FORTY years ago this week, Blair Peach was murdered. He was murdered by the police for standing up to the racism and fascism of the National Front, for joining with thousands of others to prevent them from marching unopposed through Ealing.
Just like the battle of Cable Street, 43 years earlier, the police and the Establishment were on the side of the racists and fascists and their “right” to free speech, not on the side of working-class people from the communities of Ealing, Southall and the East End, who were to bear the brunt of this hatred and division.
And today, the day after the first annual Stephen Lawrence Day, Stephen’s father says he no longer expects all of his son’s killers to be brought to justice.
Following a botched and allegedly corrupt police investigation, two of the killers were finally brought to justice in 2012, but police say the ongoing investigation is shelved unless new information comes to light.
The fact is, in spite of some advances in legislation, and some moves to tackle the most explicit institutional racism, the police and the law courts cannot be relied on to fight racism. It is too deeply ingrained in our system.
From the racial bias in school exclusions, exposed by campaign group No More Exclusions, to the ongoing discrimination in pay and pensions, capitalism and racism go hand in hand.
Racism is part of the fundamental basis on which capitalism is built. The division and super-exploitation of working-class communities on the basis of “race” is a fundamental part of the capitalist social and economic model.
That means the only way to truly fight racism is to build solidarity in our communities, to take on the racists and the fascists on the streets and to fight for an alternative society, not based on divisions of class and race.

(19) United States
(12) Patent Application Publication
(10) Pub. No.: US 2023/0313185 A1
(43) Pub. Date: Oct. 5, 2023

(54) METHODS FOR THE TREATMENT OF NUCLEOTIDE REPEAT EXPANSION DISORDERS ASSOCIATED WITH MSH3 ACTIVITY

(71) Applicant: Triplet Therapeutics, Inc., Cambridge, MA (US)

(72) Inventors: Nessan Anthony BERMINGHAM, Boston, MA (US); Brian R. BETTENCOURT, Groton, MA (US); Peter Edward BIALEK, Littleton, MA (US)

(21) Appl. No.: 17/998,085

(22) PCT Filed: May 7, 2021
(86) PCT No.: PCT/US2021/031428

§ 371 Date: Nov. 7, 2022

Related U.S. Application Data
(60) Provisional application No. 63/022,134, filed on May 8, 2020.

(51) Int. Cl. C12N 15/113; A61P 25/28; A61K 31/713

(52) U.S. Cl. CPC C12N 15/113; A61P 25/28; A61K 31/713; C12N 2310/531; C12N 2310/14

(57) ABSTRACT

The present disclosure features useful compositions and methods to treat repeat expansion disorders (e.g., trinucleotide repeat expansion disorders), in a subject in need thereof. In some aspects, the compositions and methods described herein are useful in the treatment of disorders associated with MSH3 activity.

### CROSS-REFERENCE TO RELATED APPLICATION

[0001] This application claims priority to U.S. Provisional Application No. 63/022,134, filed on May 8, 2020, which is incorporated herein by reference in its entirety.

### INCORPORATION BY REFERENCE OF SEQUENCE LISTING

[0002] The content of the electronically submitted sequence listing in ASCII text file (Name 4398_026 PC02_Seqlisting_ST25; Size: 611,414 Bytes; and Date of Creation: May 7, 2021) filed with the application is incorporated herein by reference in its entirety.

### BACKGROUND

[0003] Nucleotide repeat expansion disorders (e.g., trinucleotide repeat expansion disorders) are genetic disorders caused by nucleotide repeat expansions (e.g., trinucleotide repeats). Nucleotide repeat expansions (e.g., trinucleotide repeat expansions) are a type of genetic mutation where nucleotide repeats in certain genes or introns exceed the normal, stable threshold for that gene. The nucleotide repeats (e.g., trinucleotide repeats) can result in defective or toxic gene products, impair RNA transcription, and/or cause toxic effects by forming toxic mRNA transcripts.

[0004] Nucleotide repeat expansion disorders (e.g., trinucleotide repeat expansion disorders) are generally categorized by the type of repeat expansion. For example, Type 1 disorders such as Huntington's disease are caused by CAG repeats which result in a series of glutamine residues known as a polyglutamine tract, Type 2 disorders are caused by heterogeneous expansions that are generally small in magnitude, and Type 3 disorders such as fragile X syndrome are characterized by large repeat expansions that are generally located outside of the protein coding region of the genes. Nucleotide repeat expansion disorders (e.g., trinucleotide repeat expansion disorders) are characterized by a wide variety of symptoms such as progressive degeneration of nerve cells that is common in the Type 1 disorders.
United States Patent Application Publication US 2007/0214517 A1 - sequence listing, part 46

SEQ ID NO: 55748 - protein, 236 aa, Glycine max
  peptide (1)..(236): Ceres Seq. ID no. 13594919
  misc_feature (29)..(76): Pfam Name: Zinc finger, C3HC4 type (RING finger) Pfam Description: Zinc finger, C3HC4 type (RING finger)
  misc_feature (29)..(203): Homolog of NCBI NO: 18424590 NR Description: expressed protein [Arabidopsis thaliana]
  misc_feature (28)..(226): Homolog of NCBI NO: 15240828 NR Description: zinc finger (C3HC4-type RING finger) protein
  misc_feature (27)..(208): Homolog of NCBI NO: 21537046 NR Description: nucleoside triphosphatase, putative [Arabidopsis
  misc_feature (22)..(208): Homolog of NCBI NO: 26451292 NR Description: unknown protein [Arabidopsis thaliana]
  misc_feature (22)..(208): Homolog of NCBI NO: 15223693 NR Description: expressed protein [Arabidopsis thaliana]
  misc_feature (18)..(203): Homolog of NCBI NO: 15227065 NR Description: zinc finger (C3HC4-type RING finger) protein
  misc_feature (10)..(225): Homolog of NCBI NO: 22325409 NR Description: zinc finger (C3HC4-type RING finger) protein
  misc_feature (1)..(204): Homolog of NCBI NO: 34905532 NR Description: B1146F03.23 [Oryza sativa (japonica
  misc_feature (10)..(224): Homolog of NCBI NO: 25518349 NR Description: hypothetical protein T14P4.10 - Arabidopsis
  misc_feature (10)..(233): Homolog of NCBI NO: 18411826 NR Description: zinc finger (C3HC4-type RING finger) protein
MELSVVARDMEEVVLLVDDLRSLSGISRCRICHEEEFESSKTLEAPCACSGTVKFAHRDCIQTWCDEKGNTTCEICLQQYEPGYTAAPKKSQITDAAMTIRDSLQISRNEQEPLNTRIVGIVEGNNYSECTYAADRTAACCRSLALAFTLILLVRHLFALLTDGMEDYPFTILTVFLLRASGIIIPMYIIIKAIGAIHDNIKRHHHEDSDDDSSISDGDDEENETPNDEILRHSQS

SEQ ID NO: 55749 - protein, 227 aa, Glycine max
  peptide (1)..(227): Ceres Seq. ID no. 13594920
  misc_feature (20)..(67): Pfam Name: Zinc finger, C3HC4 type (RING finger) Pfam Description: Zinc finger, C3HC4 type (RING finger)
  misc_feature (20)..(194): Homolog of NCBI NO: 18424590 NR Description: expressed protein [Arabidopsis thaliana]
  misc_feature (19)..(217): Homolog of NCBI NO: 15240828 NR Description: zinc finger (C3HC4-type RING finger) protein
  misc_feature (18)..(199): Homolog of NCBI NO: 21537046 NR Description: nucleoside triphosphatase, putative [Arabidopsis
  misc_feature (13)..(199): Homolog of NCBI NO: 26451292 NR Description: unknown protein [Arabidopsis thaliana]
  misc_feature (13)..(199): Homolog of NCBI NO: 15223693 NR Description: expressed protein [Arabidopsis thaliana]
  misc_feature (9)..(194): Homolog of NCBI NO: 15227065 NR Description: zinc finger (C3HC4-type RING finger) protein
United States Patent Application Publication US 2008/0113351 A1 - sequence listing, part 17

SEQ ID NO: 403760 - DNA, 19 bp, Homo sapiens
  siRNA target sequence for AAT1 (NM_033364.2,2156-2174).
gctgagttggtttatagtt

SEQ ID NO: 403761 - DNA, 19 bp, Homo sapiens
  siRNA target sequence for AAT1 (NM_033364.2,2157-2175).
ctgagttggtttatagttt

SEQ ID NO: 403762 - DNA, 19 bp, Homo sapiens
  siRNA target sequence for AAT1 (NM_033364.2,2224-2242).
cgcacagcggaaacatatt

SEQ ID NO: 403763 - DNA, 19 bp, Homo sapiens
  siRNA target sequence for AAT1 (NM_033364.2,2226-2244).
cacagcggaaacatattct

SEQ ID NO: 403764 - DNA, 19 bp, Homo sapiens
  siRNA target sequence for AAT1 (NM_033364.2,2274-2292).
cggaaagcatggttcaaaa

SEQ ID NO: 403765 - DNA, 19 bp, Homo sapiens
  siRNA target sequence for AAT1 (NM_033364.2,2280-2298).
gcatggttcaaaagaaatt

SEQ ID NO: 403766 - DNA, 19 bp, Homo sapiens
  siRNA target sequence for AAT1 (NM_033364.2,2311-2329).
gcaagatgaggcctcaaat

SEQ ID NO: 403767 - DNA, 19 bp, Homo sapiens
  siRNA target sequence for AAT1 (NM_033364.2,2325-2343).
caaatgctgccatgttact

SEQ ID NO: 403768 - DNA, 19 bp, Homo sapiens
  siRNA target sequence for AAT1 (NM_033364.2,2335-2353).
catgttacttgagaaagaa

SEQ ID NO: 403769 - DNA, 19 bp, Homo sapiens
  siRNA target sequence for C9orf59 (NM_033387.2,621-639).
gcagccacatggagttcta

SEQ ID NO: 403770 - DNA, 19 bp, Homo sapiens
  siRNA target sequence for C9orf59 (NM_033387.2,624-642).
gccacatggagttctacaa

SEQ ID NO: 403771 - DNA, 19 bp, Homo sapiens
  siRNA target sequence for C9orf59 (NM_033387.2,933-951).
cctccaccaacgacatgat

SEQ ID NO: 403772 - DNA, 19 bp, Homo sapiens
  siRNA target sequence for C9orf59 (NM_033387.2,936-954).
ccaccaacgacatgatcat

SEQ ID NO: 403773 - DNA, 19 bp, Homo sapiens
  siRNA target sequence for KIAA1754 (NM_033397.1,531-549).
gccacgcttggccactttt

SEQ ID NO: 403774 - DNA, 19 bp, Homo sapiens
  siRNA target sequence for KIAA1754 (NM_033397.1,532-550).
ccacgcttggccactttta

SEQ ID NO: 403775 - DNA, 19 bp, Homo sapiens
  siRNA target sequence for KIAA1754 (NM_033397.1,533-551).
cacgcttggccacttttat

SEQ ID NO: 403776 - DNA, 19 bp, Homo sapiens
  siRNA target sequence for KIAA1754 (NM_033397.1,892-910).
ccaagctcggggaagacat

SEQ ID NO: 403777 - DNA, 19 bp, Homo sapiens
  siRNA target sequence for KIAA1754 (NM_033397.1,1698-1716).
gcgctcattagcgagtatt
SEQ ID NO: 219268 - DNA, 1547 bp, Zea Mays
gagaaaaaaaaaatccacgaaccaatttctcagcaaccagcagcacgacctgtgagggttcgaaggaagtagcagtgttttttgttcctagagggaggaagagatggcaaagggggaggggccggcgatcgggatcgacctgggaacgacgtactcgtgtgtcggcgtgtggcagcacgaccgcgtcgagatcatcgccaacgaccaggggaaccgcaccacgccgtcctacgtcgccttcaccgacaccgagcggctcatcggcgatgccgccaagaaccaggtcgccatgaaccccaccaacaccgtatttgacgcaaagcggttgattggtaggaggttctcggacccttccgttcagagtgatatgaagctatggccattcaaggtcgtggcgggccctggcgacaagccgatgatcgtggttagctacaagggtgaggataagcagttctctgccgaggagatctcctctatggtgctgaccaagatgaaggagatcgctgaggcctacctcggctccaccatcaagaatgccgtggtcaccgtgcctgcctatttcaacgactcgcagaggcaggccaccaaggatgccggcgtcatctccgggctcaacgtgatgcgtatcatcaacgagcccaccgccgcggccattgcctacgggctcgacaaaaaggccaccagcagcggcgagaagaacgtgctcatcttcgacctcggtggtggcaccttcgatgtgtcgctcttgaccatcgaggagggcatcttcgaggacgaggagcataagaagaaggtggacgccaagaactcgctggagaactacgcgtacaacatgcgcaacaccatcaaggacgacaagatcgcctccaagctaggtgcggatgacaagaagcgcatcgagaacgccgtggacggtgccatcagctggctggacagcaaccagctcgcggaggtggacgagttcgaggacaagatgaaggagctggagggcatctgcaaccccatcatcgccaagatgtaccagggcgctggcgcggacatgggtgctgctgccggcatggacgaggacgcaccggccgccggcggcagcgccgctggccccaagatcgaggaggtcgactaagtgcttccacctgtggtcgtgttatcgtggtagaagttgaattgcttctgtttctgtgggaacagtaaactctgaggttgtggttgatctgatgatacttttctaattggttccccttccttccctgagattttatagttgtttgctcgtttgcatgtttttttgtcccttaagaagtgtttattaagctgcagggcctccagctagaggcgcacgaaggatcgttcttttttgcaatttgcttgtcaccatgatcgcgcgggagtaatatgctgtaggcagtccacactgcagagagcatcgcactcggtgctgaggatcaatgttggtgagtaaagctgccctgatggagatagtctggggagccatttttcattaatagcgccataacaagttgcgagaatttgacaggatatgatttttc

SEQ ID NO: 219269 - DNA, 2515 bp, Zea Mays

The same is true of the environmental catastrophe that faces our planet. We cannot look to capitalism to solve the crisis because the anarchic production of profit, without any thought to the future, which has caused this situation, is itself the very nature of how capitalism works.
It is no coincidence that the only country to meet its climate change targets ahead of schedule, and to be investing further in protecting its natural environment and its people against the effects of climate change is socialist Cuba.
That is because decision-making in Cuba is driven by the common good, not by the need to drive up profits for capital.
While we must fight for change under the current system, and must pressure capitalist governments to act on climate change, we should also be clear that a genuine solution to the environmental crisis will only come through socialism.
This poses and interesting dilemma for the Extinction Rebellion movement. It has been incredibly successful in mobilising people to take to the streets to defend the future of humanity. But the theory that mobilising enough of the population in a non-violent social movement will inevitably lead to change is flawed.
It is not backed up by the evidence. For example, many movements considered as examples of non-violence (Indian independence, South African anti-apartheid) were anything but.
The reality is that genuine change requires taking the movement further. It requires revolution.
So we should build in our communities against racism and the far right, and for a global response to climate change, and we should take to the streets to challenge the far right, and to press governments to act on climate change.
But ultimately, in all of this, we need to be building a movement, not to demand that governments listen to the people, but to replace them with people’s governments, to replace capitalism with socialism.
It is our job to build the revolution.
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